• July 15, 2008
  • By Marshall Lager, founder and managing principal, Third Idea Consulting; contributor, CRM magazine

Entellium Builds a CRM Suite to Rave About

Entellium, a provider of on-demand CRM and sales force automation tools, today released Rave Plus and Rave Complete as the newest products in its suite -- an overall package built around the concept of Gamer-Influenced Design to make a truly compelling and attractive interface. Appearance may not be everything, but it certainly helps when trying to get users to accept new business software.

The new products are designed explicitly for small businesses:

  • Rave Plus is intended for sales teams of up to five members, especially those new to automated business processes.
  • Rave Complete is best for a team of up to 20 and contains more supporting features for lead management, sales processes, sales forecasts and performance.
In addition, two of Entellium's other offerings integrate with Complete:

  • Rave Insight, which is included with Complete, provides reporting, analytics, and benchmarking to help customers understand business trends and gauge performance against a database of best-in-class metrics, according to the company -- presented in a format that resembles that of a videogame's player rankings.
  • Rave Marketing, a product for the creation of email campaigns and multitouch marketing programs with real-time campaign reporting, is also available for Complete; continuing the gaming metaphor, Entellium calls Rave Marketing a "power-up."  

"Entellium’s focus on small business led us to take a totally new, unique approach to CRM design away from traditional, uninspiring business software," said Paul Johnston, president and chief executive officer of Entellium, in a statement. "The new Rave suite is the result of extensive research about what makes small businesses tick, combined with a passion to provide a powerful product that does more than present and store data. Our industry has rallied around software-as-a-service [SaaS], and more recently, the developer and platforms. We’ve decided to rally around the sales person with a revolutionary new approach." (For more about Rave and Gamer-Influenced Design, see the upcoming August 2008 issue of CRM magazine.)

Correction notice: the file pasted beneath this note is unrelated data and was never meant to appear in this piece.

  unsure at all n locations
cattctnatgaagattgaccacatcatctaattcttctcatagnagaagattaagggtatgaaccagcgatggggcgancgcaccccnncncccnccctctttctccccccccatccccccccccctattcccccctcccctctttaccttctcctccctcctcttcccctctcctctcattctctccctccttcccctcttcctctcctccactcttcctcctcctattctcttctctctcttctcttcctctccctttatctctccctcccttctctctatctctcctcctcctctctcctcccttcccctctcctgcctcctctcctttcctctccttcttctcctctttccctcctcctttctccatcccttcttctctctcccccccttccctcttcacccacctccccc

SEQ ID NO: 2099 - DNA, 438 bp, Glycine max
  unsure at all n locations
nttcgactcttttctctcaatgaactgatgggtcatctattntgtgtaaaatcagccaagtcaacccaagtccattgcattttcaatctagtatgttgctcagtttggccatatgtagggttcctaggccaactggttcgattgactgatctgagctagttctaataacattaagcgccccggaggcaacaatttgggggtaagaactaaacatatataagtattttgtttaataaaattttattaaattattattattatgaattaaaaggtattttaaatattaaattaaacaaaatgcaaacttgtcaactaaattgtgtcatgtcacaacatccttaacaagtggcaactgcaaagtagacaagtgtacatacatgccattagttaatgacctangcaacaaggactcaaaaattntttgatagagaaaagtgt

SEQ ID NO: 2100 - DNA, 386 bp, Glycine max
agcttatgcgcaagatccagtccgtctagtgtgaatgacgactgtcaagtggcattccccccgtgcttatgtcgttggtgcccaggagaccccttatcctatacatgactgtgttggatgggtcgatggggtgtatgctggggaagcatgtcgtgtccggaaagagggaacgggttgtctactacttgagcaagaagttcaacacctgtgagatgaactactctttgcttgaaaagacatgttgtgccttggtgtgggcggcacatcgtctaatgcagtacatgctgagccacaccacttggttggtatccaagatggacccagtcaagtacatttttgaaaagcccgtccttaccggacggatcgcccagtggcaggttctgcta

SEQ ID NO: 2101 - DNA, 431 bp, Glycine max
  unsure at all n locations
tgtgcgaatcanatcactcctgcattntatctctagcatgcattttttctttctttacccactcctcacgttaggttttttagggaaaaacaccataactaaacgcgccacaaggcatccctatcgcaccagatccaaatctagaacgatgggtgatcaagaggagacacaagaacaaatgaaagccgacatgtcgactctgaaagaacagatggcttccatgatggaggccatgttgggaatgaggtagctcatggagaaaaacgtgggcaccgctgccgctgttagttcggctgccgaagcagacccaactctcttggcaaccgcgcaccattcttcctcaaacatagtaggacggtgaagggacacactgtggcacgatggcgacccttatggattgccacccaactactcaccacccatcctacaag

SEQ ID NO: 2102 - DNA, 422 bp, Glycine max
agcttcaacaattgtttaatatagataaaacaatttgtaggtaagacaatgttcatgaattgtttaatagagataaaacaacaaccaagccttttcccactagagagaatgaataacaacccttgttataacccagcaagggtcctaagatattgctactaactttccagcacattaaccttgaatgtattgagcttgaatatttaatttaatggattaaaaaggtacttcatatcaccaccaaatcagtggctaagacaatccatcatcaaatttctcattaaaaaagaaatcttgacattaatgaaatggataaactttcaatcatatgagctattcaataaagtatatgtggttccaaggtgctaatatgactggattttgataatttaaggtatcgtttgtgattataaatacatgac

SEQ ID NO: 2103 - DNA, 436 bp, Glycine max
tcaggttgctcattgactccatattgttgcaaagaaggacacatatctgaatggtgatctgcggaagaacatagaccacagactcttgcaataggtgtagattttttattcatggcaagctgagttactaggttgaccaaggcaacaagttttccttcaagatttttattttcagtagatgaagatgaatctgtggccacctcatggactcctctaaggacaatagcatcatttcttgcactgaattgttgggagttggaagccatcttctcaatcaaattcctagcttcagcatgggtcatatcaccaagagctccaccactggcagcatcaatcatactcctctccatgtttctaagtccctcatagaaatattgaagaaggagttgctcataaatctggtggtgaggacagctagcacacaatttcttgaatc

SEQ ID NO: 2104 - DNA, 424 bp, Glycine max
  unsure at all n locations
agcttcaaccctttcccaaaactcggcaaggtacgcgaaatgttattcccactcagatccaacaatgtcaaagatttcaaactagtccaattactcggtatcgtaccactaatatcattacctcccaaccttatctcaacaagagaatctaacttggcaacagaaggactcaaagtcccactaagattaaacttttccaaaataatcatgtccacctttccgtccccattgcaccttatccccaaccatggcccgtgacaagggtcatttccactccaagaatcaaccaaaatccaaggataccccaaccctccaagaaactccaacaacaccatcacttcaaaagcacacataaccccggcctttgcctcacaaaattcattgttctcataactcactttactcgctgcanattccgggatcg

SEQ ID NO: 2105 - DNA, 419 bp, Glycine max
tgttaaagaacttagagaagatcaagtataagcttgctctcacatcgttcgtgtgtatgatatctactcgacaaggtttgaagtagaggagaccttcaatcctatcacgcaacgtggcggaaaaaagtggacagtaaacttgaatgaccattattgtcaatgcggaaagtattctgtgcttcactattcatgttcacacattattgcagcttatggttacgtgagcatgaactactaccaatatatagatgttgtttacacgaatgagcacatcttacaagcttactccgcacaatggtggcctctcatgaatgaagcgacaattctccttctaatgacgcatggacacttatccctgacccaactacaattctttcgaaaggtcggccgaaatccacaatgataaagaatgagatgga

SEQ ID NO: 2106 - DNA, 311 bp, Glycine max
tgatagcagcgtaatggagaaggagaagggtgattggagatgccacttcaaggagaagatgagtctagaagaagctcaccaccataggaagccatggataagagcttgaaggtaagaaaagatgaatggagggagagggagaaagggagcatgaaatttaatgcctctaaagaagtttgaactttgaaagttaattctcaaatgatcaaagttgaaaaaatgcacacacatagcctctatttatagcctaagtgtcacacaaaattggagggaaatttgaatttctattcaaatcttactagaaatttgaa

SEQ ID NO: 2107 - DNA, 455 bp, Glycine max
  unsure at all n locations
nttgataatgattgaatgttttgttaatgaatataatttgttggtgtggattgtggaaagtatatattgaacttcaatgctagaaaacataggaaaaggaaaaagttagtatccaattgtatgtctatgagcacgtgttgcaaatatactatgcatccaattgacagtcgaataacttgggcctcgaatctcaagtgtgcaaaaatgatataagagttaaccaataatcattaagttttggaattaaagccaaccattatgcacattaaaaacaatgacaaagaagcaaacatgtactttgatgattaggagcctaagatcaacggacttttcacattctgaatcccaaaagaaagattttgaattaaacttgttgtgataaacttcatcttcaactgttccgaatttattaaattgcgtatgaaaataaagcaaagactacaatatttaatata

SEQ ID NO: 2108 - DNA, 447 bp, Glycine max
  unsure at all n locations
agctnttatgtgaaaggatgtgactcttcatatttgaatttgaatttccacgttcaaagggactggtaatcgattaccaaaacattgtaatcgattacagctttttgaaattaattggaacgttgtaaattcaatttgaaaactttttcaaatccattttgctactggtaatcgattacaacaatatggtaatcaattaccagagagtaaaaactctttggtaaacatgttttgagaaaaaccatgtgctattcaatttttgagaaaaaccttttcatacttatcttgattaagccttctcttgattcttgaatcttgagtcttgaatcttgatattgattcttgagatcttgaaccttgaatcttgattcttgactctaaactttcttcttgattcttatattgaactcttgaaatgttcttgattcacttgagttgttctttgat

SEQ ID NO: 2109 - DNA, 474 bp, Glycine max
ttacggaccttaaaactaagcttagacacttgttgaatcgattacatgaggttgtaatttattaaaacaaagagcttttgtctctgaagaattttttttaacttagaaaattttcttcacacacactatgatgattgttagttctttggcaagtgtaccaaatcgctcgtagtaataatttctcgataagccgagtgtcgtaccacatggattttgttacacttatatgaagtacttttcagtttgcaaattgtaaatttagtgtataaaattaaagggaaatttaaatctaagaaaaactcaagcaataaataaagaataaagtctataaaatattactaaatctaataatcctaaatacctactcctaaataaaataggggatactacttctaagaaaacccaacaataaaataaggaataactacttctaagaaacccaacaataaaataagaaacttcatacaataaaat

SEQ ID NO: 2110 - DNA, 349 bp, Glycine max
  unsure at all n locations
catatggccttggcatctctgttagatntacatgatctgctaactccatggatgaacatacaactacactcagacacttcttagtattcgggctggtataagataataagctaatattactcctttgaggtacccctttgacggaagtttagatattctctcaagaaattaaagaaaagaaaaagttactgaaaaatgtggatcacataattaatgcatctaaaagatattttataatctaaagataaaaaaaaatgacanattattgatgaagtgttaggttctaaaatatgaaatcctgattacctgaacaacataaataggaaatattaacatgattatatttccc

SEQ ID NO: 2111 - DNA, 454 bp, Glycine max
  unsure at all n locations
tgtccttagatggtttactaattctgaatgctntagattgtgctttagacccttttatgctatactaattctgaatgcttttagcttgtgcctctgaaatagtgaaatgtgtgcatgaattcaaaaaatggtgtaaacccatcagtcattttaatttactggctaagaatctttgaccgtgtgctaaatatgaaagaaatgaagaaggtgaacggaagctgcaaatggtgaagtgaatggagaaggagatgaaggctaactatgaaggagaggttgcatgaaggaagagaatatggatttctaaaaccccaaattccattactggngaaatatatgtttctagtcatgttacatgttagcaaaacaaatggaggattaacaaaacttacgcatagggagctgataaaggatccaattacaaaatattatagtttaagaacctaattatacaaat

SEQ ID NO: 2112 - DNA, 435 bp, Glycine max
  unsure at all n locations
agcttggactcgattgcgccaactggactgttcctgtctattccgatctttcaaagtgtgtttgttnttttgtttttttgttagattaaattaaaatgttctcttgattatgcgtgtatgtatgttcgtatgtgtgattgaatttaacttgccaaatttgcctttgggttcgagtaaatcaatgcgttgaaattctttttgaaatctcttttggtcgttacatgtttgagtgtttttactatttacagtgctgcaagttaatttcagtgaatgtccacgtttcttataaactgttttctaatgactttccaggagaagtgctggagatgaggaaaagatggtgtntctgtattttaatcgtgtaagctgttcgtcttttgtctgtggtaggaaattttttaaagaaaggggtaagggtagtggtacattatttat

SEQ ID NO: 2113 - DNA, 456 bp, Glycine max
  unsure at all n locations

Small business is the place to play, according to Peter Marston, CRM analyst with Forrester Research. "The general thought around the industry is that the small business is where the growth opportunity is," Marston says. "You see it with SAP’s Business ByDesign, and also the Oracle on-demand product, reaching downmarket," he says, adding that the goal is to reach a larger number of smaller customers. Entellium’s combination of usability and small-business focus makes it a worthy competitor in the segment, he says. "Entellium is a lesser-known organization, but they have a very strong strategy; they just need to keep working on putting awareness out there that Salesforce.com isn’t the only SaaS CRM vendor."

Entellium also announced a partnership with Boomi On Demand to power Entellium’s Rave Integrate service offering. This service, available in Q3 2008, will enable Entellium CRM customers to integrate with other SaaS and on-premise applications without the need to buy into a developer platform. The first planned integration service will automate routine activities between Rave CRM solutions and QuickBooks, according to Entellium. The company will also resell Boomi On Demand to customers that may have other needs in terms of system integration.  

"Entellium’s new prepackaged integration service helps SMBs push through the integration knothole and get more value from both their Entellium and QuickBooks solutions," said Laurie McCabe, vice president of SMB insights and business solutions at analyst firm AMI-Partners, in a statement. "By enabling customers to flexibly link processes between the two applications, the Boomi On Demand service can help customers streamline business processes without breaking the bank."  

"This is a reflection of how the integration capabilities SaaS solutions have had in the past haven’t been too great," Marston says. "Previously, on-demand was seen as a cheap fix, but customer demand is such that SaaS vendors need a way to support different processes." 

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